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US slips in maternal and child health ranking

Predictably, the top five includes every single Scandinavian country, with Norway first among them.

The United States has slipped two places in a major international index of maternal and child health, placing 33rd among 179 countries. That’s mostly because other countries are improving faster than the U.S. is.

“Other countries are passing us by,” Carolyn Miles, CEO of Save the Children, which put out the report, told reporters at the United Nations Thursday. She expressed hope that the Affordable Care Act would improve maternal health outcomes in this country.

The State of the World Mother’s Report ranks countries by crunching maternal health (a mother’s lifetime risk of dying as a result of pregnancy or childbirth), children’s well-being (a child’s risk of dying before his or her fifth birthday), overall per capita economic status, and the expected time children will spend in school -- an average of 18 years in the top 10, eight in the bottom 10. They also included the representation of women in office. 

Predictably, the top five includes every single Scandinavian country, with Norway first among them. Then come the Netherlands, Spain, Germany, Australia and Belgium. One must scroll down quite a bit to get to the US. The bottom 10 are all in Africa, except for Haiti, which tied with Sierra Leone at 170. (Haiti is a new entrant, since there wasn’t good data from it before.)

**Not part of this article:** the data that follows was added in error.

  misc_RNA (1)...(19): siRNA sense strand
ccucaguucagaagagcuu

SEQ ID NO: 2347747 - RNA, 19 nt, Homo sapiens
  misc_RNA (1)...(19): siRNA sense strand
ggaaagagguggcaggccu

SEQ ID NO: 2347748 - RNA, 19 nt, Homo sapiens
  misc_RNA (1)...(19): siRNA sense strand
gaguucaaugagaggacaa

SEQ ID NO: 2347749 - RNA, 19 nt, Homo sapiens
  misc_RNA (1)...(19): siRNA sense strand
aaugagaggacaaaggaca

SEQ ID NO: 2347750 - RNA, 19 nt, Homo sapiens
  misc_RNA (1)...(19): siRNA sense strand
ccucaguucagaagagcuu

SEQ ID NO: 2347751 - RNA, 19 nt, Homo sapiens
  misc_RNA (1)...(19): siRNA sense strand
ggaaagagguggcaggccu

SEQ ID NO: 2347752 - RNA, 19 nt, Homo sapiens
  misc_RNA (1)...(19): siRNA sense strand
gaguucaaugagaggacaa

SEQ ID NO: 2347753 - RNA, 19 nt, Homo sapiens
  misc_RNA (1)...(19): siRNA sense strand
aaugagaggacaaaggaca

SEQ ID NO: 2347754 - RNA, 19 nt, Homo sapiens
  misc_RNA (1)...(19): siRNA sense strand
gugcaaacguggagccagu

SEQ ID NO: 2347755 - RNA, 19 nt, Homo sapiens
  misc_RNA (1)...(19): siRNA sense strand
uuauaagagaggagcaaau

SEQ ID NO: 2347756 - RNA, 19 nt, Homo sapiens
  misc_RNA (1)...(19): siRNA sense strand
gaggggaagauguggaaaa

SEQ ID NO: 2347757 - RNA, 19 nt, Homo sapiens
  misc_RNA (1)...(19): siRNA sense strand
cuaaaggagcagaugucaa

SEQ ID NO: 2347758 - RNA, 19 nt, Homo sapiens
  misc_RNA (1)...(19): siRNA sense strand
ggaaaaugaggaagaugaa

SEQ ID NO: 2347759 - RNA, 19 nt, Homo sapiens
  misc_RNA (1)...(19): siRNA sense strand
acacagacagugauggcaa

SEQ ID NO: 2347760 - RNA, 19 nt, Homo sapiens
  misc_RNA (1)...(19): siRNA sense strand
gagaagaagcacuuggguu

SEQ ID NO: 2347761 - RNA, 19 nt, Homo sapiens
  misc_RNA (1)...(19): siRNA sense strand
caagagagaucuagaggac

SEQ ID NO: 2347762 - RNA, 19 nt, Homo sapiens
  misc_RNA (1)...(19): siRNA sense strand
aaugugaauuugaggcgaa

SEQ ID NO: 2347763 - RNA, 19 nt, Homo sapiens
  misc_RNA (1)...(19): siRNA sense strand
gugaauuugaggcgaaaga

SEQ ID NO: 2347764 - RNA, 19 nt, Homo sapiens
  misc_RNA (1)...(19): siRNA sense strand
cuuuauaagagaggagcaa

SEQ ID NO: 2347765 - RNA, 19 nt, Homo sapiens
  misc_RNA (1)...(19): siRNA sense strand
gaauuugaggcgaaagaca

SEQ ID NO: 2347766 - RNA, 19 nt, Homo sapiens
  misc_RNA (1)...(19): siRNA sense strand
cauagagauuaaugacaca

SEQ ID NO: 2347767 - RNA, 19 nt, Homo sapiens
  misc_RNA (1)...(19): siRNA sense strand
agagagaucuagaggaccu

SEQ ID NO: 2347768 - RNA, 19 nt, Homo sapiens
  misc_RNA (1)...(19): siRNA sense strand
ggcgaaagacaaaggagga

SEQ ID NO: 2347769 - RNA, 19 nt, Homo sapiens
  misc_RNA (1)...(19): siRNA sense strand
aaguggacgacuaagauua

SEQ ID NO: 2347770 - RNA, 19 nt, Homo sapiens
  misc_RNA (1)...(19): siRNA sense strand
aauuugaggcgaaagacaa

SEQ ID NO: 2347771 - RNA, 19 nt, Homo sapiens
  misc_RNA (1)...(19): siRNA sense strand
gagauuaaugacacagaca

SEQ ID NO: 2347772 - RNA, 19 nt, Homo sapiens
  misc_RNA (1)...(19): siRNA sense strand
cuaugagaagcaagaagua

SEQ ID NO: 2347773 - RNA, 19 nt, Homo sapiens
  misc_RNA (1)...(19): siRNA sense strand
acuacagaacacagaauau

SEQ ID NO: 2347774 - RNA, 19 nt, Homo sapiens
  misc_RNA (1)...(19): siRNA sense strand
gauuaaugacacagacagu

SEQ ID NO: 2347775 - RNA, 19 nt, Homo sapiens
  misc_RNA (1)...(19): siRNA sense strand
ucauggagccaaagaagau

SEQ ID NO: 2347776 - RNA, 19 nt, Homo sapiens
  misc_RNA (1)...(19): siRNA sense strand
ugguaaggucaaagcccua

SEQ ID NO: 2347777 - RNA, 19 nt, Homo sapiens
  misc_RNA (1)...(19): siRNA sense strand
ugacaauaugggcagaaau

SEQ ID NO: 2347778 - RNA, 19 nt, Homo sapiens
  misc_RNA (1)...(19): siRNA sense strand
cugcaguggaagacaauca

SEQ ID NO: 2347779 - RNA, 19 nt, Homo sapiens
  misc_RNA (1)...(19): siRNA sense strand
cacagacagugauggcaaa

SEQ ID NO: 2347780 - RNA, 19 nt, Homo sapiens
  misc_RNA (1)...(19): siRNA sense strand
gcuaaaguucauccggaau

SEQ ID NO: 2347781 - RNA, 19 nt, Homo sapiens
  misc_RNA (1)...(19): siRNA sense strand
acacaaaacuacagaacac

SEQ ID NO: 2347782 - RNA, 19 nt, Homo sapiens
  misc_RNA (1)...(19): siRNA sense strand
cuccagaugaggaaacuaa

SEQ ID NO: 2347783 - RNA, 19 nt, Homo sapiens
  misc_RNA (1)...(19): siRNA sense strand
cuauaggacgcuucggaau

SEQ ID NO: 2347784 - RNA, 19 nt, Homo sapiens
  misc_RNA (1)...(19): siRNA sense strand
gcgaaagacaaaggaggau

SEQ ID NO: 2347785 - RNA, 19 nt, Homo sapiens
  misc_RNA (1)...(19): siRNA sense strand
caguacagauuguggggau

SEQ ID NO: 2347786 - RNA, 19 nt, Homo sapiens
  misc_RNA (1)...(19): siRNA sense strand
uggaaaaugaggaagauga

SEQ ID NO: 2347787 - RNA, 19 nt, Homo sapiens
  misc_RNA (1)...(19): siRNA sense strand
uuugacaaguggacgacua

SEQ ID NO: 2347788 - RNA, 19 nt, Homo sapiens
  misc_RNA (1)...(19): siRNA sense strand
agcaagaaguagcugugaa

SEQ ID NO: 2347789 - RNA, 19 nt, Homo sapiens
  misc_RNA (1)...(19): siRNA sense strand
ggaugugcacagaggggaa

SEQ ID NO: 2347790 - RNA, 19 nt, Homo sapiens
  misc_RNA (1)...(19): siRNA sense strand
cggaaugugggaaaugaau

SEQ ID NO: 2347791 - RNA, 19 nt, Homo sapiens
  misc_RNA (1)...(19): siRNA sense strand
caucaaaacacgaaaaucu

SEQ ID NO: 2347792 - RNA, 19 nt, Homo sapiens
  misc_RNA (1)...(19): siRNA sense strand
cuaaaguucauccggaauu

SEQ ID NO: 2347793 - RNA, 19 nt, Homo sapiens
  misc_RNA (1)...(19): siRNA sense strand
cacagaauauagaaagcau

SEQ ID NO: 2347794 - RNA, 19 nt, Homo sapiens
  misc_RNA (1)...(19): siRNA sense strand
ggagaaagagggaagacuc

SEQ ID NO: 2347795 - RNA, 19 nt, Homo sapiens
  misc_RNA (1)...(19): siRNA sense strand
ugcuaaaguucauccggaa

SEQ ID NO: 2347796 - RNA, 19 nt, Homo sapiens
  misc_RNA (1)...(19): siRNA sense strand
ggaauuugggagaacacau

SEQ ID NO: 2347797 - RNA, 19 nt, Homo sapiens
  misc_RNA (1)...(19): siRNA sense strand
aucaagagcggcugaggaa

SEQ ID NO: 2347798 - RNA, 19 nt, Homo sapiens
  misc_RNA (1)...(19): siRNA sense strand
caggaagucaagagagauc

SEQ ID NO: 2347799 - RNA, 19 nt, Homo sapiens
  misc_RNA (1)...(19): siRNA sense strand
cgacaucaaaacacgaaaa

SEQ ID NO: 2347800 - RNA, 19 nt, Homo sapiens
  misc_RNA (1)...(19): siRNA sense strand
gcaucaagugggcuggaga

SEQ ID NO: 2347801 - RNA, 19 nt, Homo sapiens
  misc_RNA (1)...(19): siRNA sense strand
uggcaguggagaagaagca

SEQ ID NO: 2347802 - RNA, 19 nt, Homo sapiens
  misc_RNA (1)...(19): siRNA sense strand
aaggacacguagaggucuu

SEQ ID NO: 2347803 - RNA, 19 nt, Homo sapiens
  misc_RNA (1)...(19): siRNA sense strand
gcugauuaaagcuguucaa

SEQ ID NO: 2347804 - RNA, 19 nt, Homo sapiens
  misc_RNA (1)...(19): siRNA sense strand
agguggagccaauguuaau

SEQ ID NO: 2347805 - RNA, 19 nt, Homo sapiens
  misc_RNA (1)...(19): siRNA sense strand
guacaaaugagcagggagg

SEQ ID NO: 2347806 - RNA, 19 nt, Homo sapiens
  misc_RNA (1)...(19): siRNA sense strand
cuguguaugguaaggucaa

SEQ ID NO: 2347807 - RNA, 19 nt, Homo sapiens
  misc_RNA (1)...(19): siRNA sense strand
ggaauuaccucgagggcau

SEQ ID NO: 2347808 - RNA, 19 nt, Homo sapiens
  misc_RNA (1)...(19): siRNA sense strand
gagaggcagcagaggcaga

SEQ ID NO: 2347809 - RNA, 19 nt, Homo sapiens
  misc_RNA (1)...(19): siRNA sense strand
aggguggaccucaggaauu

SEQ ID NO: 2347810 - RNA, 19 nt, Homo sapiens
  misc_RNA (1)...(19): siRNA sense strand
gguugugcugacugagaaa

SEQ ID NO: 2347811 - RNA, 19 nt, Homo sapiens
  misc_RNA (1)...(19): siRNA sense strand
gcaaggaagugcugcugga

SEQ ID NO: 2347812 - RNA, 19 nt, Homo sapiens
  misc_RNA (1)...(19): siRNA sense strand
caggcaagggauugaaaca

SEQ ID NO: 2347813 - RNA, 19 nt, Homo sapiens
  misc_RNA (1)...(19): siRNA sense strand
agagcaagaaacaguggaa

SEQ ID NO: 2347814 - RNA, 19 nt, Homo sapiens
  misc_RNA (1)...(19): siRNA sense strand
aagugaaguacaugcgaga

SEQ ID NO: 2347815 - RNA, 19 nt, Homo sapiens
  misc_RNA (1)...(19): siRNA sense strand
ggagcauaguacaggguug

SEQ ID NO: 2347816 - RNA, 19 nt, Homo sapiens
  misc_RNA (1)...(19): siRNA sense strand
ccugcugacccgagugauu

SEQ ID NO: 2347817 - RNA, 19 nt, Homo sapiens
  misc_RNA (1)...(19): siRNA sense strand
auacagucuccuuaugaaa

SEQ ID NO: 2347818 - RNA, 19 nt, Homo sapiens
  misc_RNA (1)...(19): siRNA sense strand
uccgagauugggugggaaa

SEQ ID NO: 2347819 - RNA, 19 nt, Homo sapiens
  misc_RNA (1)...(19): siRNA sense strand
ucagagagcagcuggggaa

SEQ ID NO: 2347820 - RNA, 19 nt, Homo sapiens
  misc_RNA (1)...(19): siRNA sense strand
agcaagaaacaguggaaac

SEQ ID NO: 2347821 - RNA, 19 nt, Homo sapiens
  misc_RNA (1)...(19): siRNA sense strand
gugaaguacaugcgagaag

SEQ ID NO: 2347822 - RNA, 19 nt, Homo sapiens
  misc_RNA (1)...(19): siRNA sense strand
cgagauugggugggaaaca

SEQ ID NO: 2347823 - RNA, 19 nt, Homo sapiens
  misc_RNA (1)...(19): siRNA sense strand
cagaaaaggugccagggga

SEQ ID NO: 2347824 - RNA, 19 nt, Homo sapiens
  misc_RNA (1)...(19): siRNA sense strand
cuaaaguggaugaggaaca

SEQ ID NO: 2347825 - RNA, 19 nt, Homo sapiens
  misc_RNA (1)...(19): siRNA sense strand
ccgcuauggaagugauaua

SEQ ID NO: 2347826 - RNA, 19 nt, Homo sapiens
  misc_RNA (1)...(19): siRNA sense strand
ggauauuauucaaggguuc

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The report, timed for Mother’s Day, also includes extensive recommendations for solutions, from investing in nutrition and good sanitation in less developed countries to better education about the resources that exist in richer countries.

Globally, there have been massive improvements in infant mortality over the past 20 years, cutting the overall rate in half, from 90 deaths per 1,000 live births to 46 deaths per 1,000 births in 2013.

This year, in recognition of the fact that the world’s poor are increasingly clustered in cities, the report adds a new analysis: The disparities between rich and poor in a given city. That allowed researchers to see how much overall improvements in, say, Delhi were actually trickling down to the most disadvantaged families. That’s how they learned that despite broad gains in Kenya, Rwanda and Malawi’s cities, the gap between rich and poor children’s survival had actually doubled. 

In fact, when the researchers looked at capital cities in richer countries, the city that had one of the widest gaps between rich and poor children’s survival rate was Washington, D.C. There, a baby born in Ward 8 is about 10 times more likely to die before his/her first birthday than a baby born in a richer neighborhood.